USA: Former Syracuse Synagogue Opens as a "Green" Hotel
by Samuel Gruber
(ISJM) In August 2009 I wrote (and posted photos) about plans to transform the former Temple Adath Yeshurun in Syracuse, into a new "boutique" hotel. This week the hotel opened. The building is still an impressive presence on Syracuse's University Hill, though inside nothing of the old sanctuary remains. The project includes many green elements and itsi s a LEED certified building. The "greenest" element, of all, however, is the reuse of the structure. The embedded energy and labor in the old materials and construction have not gone to waste, nor to a landfill.
In antiquity synagogue was places where visitors to a community could find refuge, a meal and sometime a bed. I'm thinking, of course, of the famous Theodotus inscription found in Jerusalem:
Theodotos, son of Vettenos the priest and synagogue leader [archisynagogos], son of a synagogue leader and grandson of a synagogue leader, built the synagogue for the reading of the Torah, and studying the commandments, and as a hostel with chambers and water installations for the accommodation of those who, coming form abroad, have need of it, which [that is, the synagogue] his fathers, the elders and Simonides founded.
-- translation from Meyers, in Fine, Sacred Realm, p 9 (after Levine’s translation)
The Syracuse transformation, however, is the first I can think of where a former synagogue has been turned into a commercial hotel, though many synagogues have made into apartments and private houses.
This was a compromise solution. It left a good building and city landmark and it has made an empty site useful, and into one what will eventually pay much-needed city taxes. Any residual "holiness" of the place had long since been lost, and its Jewish identity largely forgotten since for many years the Salt City theater group which occupied the space hung a large "Jesus Christ Superstar: sigh out front. the group was promoting its annual musical production - not a religion. Still, I am sure many former congregants winced when they drove by the old building and saw this adorning the site of so community many weddings and bar mitzvahs.
Here is the article form the local paper:
Syracuse's newest hotel has grand opening
Tuesday, May 03, 2011
By Rick Moriarty/The Post-Standard
Syracuse, N.Y. -- Syracuse’s newest hotel held its grand opening today in the former Temple Adath Yeshurun near Syracuse University. Developer Norm Swanson’s Hotel Skyler features 58 rooms on three floors at the former synagogue at 601 S. Crouse Ave.
The Skyler — named after Swanson’s 1-year-old grandson — is the developer’s third hotel. The others are the Genesee Grande, which he renovated in 2003, and the boutique Parkview Hotel, which he opened in 2005, both on East Genesee Street not far from the Skyler.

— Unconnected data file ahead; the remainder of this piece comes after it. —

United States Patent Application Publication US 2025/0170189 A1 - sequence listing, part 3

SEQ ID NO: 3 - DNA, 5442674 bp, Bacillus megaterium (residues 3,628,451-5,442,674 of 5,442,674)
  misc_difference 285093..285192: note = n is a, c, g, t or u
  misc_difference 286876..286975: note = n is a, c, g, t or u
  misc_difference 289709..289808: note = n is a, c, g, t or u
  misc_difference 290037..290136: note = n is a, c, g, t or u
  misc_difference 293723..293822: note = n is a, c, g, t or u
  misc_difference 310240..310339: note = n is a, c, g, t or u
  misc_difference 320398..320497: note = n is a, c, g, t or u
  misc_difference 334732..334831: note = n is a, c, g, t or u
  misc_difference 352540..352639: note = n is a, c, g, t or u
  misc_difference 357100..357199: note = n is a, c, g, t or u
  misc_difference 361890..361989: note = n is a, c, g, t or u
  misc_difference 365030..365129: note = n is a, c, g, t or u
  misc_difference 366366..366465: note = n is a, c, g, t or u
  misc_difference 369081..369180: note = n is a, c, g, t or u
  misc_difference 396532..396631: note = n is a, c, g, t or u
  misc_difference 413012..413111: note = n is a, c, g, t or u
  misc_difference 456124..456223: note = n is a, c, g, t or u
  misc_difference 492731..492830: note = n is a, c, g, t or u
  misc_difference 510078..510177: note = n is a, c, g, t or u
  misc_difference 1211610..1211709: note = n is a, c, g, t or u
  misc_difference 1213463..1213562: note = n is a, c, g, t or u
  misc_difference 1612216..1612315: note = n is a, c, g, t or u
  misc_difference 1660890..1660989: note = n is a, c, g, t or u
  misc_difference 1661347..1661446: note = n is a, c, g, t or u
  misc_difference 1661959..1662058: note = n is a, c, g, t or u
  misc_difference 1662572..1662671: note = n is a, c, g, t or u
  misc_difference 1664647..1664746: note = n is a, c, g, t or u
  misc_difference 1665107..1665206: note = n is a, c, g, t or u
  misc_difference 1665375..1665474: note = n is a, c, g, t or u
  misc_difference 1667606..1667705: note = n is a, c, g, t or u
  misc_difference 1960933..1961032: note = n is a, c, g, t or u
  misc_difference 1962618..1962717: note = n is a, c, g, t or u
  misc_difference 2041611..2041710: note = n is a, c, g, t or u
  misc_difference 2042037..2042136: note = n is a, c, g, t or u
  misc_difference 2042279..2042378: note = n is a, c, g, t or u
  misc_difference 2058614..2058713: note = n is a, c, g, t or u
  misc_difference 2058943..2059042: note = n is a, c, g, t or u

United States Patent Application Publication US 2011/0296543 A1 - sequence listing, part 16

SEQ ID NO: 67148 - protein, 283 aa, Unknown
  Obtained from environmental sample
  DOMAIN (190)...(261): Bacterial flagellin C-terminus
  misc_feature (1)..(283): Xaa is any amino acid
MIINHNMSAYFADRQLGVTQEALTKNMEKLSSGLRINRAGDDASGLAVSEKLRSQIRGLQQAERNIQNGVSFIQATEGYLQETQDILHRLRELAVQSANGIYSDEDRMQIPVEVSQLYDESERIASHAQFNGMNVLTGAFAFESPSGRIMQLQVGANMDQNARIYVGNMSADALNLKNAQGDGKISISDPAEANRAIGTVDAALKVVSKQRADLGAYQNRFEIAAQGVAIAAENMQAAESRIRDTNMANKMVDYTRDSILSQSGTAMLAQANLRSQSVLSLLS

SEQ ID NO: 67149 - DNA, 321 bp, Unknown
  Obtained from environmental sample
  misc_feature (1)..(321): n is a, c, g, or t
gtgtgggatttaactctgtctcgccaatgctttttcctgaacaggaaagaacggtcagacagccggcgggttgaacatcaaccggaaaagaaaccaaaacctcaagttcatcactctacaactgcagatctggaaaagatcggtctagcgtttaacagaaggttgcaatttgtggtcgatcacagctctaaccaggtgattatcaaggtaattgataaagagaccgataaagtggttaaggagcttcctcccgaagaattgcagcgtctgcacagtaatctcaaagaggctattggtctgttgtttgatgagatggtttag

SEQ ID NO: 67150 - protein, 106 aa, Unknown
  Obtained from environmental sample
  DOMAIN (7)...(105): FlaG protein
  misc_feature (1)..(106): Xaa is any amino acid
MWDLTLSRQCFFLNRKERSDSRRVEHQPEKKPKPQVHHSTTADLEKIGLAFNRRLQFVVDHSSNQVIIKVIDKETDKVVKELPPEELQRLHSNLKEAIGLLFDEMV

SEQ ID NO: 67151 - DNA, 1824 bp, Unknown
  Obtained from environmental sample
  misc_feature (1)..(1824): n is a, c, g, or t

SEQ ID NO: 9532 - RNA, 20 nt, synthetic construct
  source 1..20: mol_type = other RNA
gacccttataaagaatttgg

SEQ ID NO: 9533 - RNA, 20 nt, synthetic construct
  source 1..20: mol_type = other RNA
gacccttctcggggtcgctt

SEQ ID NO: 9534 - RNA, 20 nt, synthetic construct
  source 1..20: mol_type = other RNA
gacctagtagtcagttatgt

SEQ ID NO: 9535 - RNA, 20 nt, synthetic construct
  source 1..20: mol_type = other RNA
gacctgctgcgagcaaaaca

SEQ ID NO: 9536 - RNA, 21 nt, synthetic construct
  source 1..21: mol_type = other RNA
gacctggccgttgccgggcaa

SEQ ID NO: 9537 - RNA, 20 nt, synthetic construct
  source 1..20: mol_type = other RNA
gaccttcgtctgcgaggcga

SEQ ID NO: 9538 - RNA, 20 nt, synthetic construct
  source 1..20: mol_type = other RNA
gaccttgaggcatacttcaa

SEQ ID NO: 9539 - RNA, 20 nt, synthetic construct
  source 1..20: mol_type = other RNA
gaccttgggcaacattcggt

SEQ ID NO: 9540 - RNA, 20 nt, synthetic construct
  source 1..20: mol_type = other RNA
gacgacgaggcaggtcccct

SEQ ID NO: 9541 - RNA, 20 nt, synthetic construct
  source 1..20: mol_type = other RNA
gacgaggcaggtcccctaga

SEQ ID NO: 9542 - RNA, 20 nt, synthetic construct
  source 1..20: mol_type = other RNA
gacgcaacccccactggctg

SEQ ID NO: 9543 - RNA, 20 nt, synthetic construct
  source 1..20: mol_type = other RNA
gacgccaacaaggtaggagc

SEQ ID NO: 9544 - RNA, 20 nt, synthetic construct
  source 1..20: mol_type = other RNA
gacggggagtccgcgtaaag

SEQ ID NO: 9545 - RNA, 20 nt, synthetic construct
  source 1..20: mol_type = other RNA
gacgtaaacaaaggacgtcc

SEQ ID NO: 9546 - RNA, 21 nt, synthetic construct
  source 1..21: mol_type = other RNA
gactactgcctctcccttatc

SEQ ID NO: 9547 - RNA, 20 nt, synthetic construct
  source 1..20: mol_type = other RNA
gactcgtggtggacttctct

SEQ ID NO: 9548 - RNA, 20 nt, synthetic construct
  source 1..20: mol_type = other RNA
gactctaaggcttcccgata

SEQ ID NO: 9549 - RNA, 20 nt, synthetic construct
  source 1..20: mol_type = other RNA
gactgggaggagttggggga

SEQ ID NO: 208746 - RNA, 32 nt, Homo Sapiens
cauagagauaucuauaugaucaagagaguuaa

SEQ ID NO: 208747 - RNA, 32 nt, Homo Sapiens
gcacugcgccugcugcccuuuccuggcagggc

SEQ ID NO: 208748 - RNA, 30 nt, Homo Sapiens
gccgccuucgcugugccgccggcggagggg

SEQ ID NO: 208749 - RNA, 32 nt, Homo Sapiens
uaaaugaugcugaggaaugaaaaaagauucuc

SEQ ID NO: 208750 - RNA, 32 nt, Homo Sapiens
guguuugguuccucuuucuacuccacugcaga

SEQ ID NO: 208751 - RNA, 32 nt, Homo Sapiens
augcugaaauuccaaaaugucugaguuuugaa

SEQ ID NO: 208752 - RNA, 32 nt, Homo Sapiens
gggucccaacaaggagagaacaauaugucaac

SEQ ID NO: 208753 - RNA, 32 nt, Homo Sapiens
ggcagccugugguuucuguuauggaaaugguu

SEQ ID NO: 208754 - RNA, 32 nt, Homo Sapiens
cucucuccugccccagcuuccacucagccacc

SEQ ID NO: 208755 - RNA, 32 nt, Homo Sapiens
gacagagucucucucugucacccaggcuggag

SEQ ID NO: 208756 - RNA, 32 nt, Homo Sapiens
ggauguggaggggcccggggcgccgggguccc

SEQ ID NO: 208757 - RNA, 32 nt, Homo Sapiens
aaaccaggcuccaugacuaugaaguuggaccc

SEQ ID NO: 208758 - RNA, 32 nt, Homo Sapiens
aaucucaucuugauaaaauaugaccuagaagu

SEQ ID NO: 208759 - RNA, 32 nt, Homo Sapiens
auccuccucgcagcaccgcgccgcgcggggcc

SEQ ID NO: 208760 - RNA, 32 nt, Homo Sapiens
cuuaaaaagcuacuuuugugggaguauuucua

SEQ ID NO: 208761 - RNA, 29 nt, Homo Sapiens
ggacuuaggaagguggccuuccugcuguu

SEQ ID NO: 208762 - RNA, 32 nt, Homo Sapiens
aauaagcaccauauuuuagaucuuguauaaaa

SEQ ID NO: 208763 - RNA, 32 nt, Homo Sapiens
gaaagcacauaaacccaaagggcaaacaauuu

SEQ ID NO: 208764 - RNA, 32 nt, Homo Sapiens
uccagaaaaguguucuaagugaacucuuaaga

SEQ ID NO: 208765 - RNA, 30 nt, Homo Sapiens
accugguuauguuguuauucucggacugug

Like the other two hotels, the Skyler is close to SU and the hospitals and medical offices on University Hill. Tom Fernandez, director of marketing for Swanson, said he expects the Skyler to draw heavily from the traffic generated by those facilities.
“We feel we’re in the heart of the ‘meds and eds’ district,” he said. Standard room rates at the hotel are $199 a night.
Swanson spent $6.7 million turning the vacant building into a hotel. The work included constructing two floors that didn’t previously exist. Some of the temple’s interior architectural moldings and other features have been retained.
Fernandez said the Skyler is only the third hotel in the United States to seek platinum certification in Leadership in Energy and Environmental Design from the U.S. Green Building Council. Green
design features of the hotel include a geothermal heat pump, countertops made of recycled glass, and a system that automatically turns off the lights and lowers or raises room temperatures when
guests come and go.
The hotel’s lobby features stained glass saved from the former St. John’s Church in Oswego. The hotel also features two loft-style “tree house” suites. Fifty percent of the revenues from the two suites will be donated to the nearby Upstate Golisano Children’s Hospital, Fernandez said.
Though the grand opening took place today, the hotel actually opened or business on Friday.
Built in 1922, the 35,000-square-foot building housed Temple Adath until its congregation moved to DeWitt in 1968. It later housed Salt City Center for the Performing Arts.
Swanson bought the building from the city in 2007 for $352,500. The Common Council last year approved a 14-year payment-in-lieu-of-taxes agreement with Swanson. Under that deal, the developer could receive a 100 percent exemption from taxes on the increase in his property
assessment for three years, a 75 percent exemption in the fourth year, a 50 percent exemption the fifth year and an exemption that drops by 5 percentage points each of the next nine years.